After church, I went to my job at Target, where I typically see hundreds of people during an eight-hour shift. Only ten or twelve (all women) had ashes, but because ash-wearers are now so rare, a guild mentality has developed in places like Philly where those of us who sport the smudge are a distinct minority. You notice each other. You make eye contact. “Oh, yeah,” you think, “we cool.” At one point, I was bending over and arranging some bread on a shelf so the customer who came up couldn't see my head until she spoke to me. I looked up and there, two feet away, was a forehead just like mine. She was startled. “Dominus vobiscum,” I told her, and made the sign of the cross. It was a second or two before she remembered she wanted to know where we keep the cream cheese.

The ashes even provide an introduction. I never speak about anything personal with customers unless they initiate it, but I did on Ash Wednesday, telling several of the young ladies about how I scored big at St. John's that morning. All were suitably impressed. They were young enough that some had never heard anything but the turn-away-from-sin, fortune-cookie stuff.

My favorite Ash Wednesday experience occurred in St. Louis (not an especially papist burg), about twenty-five years ago. I was there on business, had flown in that morning, and was stuck in a law office until early afternoon when we broke for lunch.

Early that morning I had ascertained there was a cathedral downtown, so as soon as I was released from the high-rise where I had spent the morning, I hauled ass about ten blocks to the church, sailed through the (one) open door and found, in an enormous structure with a nave straining up to heaven itself---nobody. An open Catholic church downtown in a major American city always has some poor bastard in one of the pews, praying for something-or-other, but this one, in St. Louis MO on Ash Wednesday afternoon, had nobody but me. I approached the altar, genuflected (ask a Catholic what that means), and sat myself down in the front row. There was only so much time I could spend there. I only had an hour for lunch.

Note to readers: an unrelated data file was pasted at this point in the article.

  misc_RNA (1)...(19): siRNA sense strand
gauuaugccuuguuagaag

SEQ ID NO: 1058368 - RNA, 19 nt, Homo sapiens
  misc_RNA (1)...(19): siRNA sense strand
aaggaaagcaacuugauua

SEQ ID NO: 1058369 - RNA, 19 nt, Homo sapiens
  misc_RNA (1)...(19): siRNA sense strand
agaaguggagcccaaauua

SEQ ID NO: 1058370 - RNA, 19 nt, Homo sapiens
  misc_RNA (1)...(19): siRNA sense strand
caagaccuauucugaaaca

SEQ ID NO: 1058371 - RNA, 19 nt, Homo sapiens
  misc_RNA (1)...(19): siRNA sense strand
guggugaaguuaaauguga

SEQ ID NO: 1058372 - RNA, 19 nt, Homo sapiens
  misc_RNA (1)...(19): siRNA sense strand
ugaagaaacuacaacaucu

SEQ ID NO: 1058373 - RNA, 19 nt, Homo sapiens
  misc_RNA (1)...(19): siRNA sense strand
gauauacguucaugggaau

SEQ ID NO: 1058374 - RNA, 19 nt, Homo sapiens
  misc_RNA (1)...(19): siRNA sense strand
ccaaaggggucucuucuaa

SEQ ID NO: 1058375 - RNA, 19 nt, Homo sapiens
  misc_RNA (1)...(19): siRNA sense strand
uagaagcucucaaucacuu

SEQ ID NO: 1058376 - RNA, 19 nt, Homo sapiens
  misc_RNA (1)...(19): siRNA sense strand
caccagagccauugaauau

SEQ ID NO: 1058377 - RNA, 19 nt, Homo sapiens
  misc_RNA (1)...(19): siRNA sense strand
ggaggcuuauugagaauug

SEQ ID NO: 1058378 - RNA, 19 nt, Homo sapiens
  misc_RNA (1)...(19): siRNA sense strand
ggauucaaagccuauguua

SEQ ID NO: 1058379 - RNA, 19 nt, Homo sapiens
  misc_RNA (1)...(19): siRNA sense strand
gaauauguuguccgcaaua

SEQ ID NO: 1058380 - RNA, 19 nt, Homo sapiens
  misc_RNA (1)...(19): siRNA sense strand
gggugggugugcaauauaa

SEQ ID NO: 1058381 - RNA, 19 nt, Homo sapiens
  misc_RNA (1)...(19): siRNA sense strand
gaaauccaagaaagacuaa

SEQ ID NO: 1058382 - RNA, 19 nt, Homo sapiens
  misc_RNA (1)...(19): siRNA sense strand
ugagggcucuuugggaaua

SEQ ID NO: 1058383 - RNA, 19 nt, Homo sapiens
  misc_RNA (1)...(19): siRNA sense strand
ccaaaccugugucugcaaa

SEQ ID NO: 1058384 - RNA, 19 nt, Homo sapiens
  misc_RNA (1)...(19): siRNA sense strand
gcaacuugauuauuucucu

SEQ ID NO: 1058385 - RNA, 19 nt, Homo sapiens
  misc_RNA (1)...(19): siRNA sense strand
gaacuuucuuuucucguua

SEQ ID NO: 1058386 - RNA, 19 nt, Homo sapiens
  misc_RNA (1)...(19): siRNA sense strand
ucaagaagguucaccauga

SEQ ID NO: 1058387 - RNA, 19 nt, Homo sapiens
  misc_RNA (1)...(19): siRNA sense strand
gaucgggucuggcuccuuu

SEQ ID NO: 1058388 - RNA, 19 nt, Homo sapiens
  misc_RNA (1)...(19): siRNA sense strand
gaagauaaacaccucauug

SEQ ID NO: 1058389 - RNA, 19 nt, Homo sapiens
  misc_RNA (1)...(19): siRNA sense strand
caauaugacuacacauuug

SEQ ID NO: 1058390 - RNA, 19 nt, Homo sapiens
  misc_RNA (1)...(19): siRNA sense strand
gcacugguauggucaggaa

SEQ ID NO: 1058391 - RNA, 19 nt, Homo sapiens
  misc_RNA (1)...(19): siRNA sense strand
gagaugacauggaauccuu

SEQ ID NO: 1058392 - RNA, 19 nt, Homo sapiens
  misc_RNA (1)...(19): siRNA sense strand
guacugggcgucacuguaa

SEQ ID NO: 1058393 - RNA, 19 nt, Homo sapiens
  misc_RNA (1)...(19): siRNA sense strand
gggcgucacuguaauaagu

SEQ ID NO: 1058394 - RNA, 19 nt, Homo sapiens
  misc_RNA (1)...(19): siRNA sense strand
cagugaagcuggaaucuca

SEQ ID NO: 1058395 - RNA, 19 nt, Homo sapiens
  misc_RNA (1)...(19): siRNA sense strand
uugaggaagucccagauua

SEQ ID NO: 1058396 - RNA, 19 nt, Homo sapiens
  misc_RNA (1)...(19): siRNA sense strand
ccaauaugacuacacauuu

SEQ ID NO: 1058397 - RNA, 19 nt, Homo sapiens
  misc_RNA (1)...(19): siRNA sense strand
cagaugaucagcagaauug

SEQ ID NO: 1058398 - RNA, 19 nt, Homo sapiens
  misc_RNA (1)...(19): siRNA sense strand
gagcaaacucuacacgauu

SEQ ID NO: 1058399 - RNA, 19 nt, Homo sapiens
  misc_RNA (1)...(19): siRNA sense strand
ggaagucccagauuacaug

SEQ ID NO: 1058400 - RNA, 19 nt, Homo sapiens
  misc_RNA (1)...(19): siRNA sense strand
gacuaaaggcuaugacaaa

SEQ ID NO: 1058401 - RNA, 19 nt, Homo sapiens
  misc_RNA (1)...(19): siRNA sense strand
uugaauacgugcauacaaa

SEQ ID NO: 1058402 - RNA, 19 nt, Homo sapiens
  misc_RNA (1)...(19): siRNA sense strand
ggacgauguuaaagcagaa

Five minutes passed.

Then, the door just behind the pulpit opened slightly and a woman peeked out, saw me, and shut the door. I thought about this for a minute, then advanced into what is called (I think) the presbytery, where the mass is done, and knocked on the door. Thirty seconds passed and the door was opened by the same woman. I introduced myself, explained my mission, and asked if there were some way to get my ashes.

That was all over an hour ago,” she said, and gave me a long look. “OK, I'll see.” And the door closed.

Time passed. Minutes. Was I being so terribly unreasonable? It's Ash Wednesday, it's only about one o'clock, and this is the big church in downtown St. Louis. I mean, what am I---a burglar?

Finally, the door flew open and a tiny man, shrunken with age, looked up at me. He had to be 80 years old and though he was wearing the backward collar, he seemed otherwise disheveled, as if roughly awakened, recently.

Ashes?” he said. “You want ashes?”

I explained my quest, apologizing all the while. But now I felt terrible because the situation was suddenly rather obvious. This venerable geezer had been up since 4 am on Ash Wednesday duty, had planted smudges on hundreds of heads and done two or three masses, and finally he had retired to the rectory for his soft-boiled egg and a dry martini, and had fallen asleep in front of “The Price Is Right.” And then I came along.

Fine,” he said, shutting me up. “Wait here.” He went back inside and reappeared a minute later with a dish of black ash. Loading up, and with a flick of his wrist, he punched me in the head with his thumb and smeared the results across a wide swath. “Turn away from Satan,” he told me, “and read yer Gospels. OK???” An instant later, he was gone and the door was shut in my face. In the silent, empty cathedral, the slam of the door made me shiver. It was the sound of doom itself.